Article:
• The blog post is finished and will probably be published in the next 1-3 days. But, like many times, all I do is quote from the original source, which is his website in this case. I don’t have time to dig into the details of every story. If you’re serious about building a house similar to his then consider buying his book, scouring the websites that talk about his house, checking Ecosa Institute he references, etc. to learn as much as you can. I’m highly impressed with the performance of his house and thank you for the tip and nudge to look into it again.

            I think the Flying Concrete ferrocement site discusses costs: http://www.flyingconcrete.com/
            Ferrocement is affordable (if you do your own work) because only a minimum of materials are used. That’s why they call it ‘thin shell’ construction. It’s clever shell construction versus brute strength approach.

          • Owen,

            Is it possible to do Earthbag for the outter walls and ferrocement for the roof? My wife likes the open floor plans where she can put a loft in it. She wants a large open space for the living room, kitchen, dining room and then wants individual domes for the bedrooms. My concern ism and I guess the question would be how large of a circumference can a eathbag room be and still have an earthbage dome; at what point (room-size) would we “need” to transition to a different method of construction for the dome.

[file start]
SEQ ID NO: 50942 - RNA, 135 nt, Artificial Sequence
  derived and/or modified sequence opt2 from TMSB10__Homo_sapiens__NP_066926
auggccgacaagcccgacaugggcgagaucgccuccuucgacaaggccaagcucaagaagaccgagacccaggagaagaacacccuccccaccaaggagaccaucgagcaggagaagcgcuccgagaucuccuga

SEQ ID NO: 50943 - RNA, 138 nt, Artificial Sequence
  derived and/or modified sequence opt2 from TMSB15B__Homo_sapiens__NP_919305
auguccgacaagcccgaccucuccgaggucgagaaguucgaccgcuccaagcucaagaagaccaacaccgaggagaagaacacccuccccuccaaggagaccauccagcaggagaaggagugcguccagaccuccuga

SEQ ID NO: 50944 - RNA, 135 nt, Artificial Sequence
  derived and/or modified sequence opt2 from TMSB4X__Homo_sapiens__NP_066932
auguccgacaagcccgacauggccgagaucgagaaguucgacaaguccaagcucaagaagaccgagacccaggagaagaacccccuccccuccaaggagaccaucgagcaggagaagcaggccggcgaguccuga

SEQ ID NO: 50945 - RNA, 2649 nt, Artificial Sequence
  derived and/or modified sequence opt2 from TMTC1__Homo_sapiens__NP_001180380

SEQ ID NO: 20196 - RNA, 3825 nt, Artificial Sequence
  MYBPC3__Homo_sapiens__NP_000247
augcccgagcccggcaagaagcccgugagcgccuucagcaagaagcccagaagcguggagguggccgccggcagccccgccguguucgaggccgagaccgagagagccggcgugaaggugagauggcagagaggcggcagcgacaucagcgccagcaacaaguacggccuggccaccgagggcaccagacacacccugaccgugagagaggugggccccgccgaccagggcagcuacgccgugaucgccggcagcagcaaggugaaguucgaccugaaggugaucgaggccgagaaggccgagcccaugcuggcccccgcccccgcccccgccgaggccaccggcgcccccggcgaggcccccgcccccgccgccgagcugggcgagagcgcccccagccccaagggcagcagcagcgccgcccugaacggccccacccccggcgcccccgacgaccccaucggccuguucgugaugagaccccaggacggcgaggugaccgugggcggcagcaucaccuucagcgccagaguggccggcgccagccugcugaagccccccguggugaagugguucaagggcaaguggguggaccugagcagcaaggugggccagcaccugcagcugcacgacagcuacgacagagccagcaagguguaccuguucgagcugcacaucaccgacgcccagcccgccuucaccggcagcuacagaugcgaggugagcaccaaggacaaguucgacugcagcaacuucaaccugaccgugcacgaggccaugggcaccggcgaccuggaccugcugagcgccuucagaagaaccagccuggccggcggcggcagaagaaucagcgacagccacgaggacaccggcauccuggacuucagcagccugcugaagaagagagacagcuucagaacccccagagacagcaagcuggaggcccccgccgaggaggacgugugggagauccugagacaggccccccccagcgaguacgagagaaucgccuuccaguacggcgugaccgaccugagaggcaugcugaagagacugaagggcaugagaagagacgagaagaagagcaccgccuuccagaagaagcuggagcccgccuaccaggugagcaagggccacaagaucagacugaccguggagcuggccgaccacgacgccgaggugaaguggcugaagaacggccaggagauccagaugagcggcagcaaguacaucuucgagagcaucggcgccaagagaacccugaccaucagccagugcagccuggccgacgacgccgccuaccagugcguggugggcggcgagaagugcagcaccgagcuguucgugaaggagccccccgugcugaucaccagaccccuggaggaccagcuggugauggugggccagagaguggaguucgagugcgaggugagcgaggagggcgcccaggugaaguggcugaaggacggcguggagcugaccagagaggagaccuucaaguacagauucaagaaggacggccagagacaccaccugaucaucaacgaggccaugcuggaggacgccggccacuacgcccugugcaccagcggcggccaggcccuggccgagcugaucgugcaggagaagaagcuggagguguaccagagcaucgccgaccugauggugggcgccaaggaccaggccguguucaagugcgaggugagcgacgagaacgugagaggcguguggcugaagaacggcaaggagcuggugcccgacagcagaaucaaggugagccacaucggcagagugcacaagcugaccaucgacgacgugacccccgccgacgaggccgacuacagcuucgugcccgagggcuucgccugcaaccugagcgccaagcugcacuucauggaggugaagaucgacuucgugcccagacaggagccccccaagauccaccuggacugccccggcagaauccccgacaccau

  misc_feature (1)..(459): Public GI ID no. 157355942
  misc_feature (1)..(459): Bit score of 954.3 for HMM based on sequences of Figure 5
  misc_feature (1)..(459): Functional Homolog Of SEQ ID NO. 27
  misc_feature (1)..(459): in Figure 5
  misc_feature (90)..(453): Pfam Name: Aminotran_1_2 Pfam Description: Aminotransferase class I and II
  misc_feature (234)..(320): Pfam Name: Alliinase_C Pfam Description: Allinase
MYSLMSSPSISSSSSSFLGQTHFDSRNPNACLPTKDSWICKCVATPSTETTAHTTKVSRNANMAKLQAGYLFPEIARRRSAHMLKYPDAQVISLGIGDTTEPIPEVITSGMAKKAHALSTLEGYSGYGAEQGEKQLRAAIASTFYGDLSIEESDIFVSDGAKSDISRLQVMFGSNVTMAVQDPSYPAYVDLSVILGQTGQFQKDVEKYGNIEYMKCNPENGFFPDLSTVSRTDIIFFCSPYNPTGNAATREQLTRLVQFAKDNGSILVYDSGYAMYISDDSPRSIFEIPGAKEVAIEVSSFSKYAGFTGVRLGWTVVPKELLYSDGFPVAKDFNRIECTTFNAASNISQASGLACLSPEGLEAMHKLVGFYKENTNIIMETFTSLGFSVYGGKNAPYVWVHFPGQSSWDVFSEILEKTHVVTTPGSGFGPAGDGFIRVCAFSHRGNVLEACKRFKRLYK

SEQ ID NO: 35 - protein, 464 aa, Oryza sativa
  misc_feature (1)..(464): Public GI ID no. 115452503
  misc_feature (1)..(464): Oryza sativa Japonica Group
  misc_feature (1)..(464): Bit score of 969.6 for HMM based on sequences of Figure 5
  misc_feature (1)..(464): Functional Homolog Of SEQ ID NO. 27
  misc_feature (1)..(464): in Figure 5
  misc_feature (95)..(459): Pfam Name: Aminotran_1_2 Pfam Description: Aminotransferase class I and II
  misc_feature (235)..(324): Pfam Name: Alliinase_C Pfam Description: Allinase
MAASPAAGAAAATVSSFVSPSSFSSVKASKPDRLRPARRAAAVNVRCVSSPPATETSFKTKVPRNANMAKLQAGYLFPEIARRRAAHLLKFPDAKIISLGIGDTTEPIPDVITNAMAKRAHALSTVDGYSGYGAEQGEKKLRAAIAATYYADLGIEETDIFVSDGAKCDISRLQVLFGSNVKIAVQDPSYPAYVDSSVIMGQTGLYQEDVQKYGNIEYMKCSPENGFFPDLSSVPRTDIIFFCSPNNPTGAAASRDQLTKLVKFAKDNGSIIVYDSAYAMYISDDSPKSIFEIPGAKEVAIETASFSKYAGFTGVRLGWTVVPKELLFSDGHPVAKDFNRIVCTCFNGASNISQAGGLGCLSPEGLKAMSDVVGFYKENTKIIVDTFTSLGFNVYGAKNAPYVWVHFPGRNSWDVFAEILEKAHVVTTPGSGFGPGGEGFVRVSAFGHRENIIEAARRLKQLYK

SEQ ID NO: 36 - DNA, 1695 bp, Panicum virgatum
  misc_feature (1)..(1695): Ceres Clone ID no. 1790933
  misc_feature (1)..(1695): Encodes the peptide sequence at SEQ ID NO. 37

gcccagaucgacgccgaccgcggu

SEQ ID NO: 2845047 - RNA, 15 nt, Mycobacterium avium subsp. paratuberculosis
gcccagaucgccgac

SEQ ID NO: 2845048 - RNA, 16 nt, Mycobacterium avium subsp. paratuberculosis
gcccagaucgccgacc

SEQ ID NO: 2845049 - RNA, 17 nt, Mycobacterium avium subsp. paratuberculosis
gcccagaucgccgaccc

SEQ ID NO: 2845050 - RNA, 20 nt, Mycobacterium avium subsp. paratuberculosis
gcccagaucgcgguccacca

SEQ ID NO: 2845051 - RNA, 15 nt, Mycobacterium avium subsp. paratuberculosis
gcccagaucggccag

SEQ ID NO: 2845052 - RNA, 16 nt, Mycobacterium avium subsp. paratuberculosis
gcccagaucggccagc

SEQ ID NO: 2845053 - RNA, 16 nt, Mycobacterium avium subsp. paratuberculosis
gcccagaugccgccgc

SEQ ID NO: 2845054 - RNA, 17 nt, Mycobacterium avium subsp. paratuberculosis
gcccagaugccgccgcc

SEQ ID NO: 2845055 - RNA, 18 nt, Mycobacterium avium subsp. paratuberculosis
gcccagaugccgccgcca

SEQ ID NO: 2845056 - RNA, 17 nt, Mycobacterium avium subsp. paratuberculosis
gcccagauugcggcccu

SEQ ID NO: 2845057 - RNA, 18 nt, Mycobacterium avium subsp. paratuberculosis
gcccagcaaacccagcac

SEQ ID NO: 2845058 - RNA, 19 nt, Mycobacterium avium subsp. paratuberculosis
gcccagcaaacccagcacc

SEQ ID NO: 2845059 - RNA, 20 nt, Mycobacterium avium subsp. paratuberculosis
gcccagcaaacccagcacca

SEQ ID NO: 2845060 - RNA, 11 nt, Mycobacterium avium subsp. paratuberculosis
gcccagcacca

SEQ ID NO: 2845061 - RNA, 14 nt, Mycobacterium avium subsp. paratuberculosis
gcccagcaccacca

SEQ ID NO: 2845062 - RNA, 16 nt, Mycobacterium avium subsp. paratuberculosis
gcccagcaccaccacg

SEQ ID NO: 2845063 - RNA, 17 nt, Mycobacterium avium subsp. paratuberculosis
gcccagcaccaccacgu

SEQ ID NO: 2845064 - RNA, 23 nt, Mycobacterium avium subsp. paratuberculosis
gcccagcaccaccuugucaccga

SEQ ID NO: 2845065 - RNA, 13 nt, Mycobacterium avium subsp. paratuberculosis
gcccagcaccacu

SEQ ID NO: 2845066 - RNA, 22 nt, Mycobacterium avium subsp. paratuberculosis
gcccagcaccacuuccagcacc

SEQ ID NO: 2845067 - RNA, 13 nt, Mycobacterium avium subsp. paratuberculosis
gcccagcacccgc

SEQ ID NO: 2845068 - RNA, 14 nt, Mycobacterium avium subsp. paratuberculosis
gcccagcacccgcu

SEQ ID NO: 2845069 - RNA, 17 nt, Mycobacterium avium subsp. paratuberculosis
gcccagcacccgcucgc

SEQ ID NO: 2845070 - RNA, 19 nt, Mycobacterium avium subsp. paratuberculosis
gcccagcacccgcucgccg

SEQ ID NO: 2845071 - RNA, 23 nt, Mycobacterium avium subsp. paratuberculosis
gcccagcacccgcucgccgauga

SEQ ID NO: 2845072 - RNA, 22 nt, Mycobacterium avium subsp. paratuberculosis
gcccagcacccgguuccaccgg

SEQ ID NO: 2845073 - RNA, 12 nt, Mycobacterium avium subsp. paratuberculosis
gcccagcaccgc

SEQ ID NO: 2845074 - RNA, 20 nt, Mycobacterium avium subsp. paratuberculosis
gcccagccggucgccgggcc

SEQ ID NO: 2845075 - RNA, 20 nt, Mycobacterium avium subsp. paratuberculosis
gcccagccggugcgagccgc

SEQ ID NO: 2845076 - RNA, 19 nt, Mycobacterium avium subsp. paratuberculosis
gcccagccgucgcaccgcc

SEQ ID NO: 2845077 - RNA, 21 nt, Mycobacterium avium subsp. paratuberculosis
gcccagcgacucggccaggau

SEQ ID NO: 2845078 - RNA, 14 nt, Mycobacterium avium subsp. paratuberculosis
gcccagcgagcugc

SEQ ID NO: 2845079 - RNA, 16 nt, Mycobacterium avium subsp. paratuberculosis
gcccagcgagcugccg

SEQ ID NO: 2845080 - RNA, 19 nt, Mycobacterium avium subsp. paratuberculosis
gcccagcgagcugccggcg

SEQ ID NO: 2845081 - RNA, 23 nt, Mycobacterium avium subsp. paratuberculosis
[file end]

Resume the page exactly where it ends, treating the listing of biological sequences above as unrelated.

• See the Mindfulness Project insulated domes that use ferrocement on the top and earthbags on the bottom: http://earthbagbuilding.wordpress.com/2011/07/27/mindfulness-project-insulated-earthbag-domes/

            This method gets difficult when the dome is larger than about 20′. You could go larger if you have sufficient skill and a good design.

            Using ferrocement in conjunction with earthbags has enormous potential and I hope more builders consider this option on earthbag domes, roundhouses and vaults. This method is fast, efficient, practical, DIY friendly, easy to insulate and can handle snow loads.

          • Owen, when you said

            ” This method gets difficult when the dome is larger than about 20′. You could go larger if you have sufficient skill and a good design.”

            is that 20′ at the bottom or top of the Dome?

          • what is the maximum base dimension I should expect to be able to build from using earthbags, without needing to use the rebar structure for the bags?

          • Im talking about domes; how big of a diameter can you go with just using earthbags and the plaster on in the inside and outside, nothing else. The design you sent the link to me had derrocement and rebar holding up the earthbag dome didnt it.

      • How do you tell if you will have decent internet? Are there areas that you have heard of that would fit the bill of your earlier thought;